No comments

After over two months of strict lockdown during the COVID 19 pandemic, restrictions were finally relaxed in France allowing us to travel more freely. I had been hoping to get out into nature as soon as possible and was so grateful when friends invited me and my family to spend a few days at Saint-André Farivillers, a tiny agricultural hamlet in the Oise region of northern France.

We stayed at a gorgeous cottage surrounded by farmland. As soon as I arrived I noticed just how little noise from human activity there was: no planes, virtually no traffic (just the odd very distant car) and as it was a public holiday there was no noise from agricultural machinery. Perfect recording conditions!

The beautiful garden was full of active birds, with house sparrows nesting in the wall of an old abandoned building, swallows chatting away on telephone lines, chaffinches, blackbirds, blackcaps, cuckoos and wrens singing from nearby trees and shrubs. Pheasants would occasionally call out from further away and cockerels could be heard from nearby farms frequently throughout the day.

I wanted to record the dawn chorus but didn’t want to wake up in the middle of the night to set up my gear. So I decided to set up my mics and recorder one evening before going to bed and leave the equipment running overnight. I used a Sony PCM A10 recorder connected to a USB power bank housed in a dry bag and used a pair of LOM MikroUsi mics to record in stereo AB.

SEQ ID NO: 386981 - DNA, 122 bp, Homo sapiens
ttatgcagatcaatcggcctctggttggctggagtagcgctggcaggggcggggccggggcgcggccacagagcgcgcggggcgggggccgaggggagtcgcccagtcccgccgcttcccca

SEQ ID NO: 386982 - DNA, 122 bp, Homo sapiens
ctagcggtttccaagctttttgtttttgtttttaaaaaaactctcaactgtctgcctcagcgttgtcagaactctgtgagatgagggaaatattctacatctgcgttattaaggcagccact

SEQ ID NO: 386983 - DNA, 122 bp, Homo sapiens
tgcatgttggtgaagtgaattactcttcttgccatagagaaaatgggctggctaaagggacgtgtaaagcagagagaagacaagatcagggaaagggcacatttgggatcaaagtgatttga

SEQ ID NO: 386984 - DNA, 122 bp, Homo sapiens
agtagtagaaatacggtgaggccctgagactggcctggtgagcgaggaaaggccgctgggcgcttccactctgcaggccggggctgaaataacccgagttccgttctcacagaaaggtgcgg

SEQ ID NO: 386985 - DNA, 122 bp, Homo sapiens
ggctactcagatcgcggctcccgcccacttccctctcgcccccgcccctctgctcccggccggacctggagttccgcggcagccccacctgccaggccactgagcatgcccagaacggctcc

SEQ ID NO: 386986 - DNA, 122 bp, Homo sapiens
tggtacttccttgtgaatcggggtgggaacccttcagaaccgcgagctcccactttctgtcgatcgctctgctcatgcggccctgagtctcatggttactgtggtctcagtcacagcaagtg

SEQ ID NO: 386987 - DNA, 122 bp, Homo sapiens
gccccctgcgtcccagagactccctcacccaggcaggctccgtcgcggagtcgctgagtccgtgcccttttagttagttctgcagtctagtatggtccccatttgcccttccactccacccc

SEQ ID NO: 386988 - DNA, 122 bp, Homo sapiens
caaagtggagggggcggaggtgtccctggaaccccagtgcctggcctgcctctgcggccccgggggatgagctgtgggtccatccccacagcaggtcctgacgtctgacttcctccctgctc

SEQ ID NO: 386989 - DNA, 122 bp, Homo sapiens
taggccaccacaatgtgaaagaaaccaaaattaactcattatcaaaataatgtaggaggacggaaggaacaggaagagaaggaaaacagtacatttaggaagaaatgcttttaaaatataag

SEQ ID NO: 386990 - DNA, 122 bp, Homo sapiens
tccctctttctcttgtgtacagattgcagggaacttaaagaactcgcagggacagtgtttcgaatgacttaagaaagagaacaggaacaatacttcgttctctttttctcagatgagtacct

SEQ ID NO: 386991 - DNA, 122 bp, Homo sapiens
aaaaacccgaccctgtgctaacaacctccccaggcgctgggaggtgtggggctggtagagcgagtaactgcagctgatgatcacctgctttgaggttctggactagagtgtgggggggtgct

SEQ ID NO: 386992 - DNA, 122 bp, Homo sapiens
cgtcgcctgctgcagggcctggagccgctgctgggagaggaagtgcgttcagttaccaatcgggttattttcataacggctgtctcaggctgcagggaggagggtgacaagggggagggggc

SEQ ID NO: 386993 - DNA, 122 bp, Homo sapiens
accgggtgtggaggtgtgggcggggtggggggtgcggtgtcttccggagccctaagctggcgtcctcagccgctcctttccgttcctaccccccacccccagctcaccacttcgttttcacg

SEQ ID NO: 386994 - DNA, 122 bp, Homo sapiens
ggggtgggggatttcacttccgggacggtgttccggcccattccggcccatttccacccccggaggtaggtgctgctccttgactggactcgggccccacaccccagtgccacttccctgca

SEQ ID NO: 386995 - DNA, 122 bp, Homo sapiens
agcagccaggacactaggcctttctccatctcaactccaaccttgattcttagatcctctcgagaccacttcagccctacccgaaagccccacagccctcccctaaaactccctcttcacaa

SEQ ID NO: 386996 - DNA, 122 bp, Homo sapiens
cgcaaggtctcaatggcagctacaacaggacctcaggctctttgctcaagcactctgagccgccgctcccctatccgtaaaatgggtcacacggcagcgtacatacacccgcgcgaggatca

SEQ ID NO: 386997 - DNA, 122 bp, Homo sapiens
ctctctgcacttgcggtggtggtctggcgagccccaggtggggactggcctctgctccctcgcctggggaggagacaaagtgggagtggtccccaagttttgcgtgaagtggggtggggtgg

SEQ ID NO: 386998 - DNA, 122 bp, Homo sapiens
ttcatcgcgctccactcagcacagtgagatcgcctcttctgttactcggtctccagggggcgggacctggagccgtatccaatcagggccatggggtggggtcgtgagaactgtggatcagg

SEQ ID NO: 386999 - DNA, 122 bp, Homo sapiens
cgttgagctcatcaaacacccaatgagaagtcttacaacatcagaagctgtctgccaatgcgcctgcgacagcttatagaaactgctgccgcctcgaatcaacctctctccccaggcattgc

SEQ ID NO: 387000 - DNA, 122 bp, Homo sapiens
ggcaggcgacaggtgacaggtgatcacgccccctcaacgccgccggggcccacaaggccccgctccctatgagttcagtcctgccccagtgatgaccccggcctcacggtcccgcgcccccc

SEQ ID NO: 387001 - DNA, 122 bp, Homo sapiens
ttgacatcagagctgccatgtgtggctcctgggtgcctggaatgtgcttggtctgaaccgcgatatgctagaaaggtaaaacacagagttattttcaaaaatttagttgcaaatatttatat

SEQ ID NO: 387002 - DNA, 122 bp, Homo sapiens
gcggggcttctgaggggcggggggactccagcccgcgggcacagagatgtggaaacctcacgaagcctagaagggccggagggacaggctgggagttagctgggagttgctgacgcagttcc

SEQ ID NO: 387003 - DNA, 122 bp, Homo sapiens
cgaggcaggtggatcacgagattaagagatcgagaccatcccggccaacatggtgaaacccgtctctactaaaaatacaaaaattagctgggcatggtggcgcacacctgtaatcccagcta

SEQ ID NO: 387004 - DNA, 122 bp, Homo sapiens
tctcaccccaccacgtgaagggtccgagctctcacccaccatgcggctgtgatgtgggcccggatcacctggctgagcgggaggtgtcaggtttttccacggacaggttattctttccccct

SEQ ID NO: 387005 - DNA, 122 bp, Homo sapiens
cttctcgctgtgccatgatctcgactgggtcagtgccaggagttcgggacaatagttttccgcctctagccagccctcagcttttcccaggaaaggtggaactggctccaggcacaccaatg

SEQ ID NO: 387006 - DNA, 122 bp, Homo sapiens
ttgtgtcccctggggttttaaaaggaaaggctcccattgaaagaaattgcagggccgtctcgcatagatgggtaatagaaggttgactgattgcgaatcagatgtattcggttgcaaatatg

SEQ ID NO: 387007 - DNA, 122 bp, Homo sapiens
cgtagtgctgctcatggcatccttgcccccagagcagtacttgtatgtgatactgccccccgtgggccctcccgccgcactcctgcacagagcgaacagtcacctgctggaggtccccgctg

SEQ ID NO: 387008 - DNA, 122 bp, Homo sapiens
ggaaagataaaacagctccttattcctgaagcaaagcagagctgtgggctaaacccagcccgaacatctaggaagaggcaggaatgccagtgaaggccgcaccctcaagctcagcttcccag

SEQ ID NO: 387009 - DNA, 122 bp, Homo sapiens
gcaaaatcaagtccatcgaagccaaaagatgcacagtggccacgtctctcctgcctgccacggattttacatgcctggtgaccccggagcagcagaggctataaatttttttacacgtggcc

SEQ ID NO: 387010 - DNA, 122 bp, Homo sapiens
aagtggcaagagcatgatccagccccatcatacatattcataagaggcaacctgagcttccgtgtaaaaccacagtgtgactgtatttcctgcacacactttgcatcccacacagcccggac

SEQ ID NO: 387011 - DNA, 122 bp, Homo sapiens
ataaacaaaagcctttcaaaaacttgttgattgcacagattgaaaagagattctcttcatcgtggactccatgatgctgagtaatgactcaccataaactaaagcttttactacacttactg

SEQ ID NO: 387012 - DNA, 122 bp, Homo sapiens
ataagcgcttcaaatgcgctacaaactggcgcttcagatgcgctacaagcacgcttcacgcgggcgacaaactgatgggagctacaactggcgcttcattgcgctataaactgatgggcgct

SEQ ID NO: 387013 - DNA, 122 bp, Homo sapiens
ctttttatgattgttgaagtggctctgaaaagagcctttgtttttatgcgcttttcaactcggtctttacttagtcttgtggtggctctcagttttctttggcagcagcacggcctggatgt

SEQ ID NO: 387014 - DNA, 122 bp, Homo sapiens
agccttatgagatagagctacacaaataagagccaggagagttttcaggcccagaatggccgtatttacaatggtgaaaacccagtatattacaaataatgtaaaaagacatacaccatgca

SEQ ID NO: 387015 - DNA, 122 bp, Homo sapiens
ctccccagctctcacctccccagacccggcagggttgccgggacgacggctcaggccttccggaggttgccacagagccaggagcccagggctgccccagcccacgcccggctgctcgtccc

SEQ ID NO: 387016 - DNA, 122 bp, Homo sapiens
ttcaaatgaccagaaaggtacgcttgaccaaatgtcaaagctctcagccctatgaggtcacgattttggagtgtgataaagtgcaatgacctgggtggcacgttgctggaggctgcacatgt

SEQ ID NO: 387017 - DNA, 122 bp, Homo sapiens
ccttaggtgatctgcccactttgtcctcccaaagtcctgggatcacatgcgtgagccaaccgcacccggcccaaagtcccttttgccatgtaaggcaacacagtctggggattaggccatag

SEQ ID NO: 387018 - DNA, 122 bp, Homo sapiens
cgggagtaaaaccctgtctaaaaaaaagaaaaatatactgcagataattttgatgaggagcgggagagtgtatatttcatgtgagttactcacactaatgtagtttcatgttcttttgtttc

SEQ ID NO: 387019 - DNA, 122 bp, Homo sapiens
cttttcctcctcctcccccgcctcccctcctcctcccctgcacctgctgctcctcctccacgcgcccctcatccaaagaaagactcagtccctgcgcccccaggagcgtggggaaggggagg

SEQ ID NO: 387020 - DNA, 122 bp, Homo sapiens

In the following soundscape recording we can hear the blackbird who, as very often, is the first bird to sing. As time moves on the blackbird is joined by wood pigeons and some swallows before the sparrows join in, then the chaffinches, wrens and blackcaps also begin to sing. There are also some interesting moments where the sparrows fly very close to the mics, offering an interesting sonic element to the soundscape.

Later that day during discussions over lunch our friends told me about a small wood that was located 1 kilometre from the cottage. Early the next morning I walked down the country lane until I could see the woods. Accessing them meant cutting through a large wheat field but luckily a tractor had left a trail almost to the edge of the wood making it easier to cross. As I entered the woods the temperature dropped and I could hear gorgeous birdsong echoing nicely. The bird species present were your typical european woodland birds: wren, chaffinch, wood pigeon, blackbird, crow, blackcap, bullfinch. We can also hear distant skylarks from the nearby fields and a pheasant occasionally calling out.

It felt so good to get back out into nature after a long period of being confined to an apartment in Paris’ city centre. I am so grateful for our friends’ hospitality and hope to return to see them again in the near future.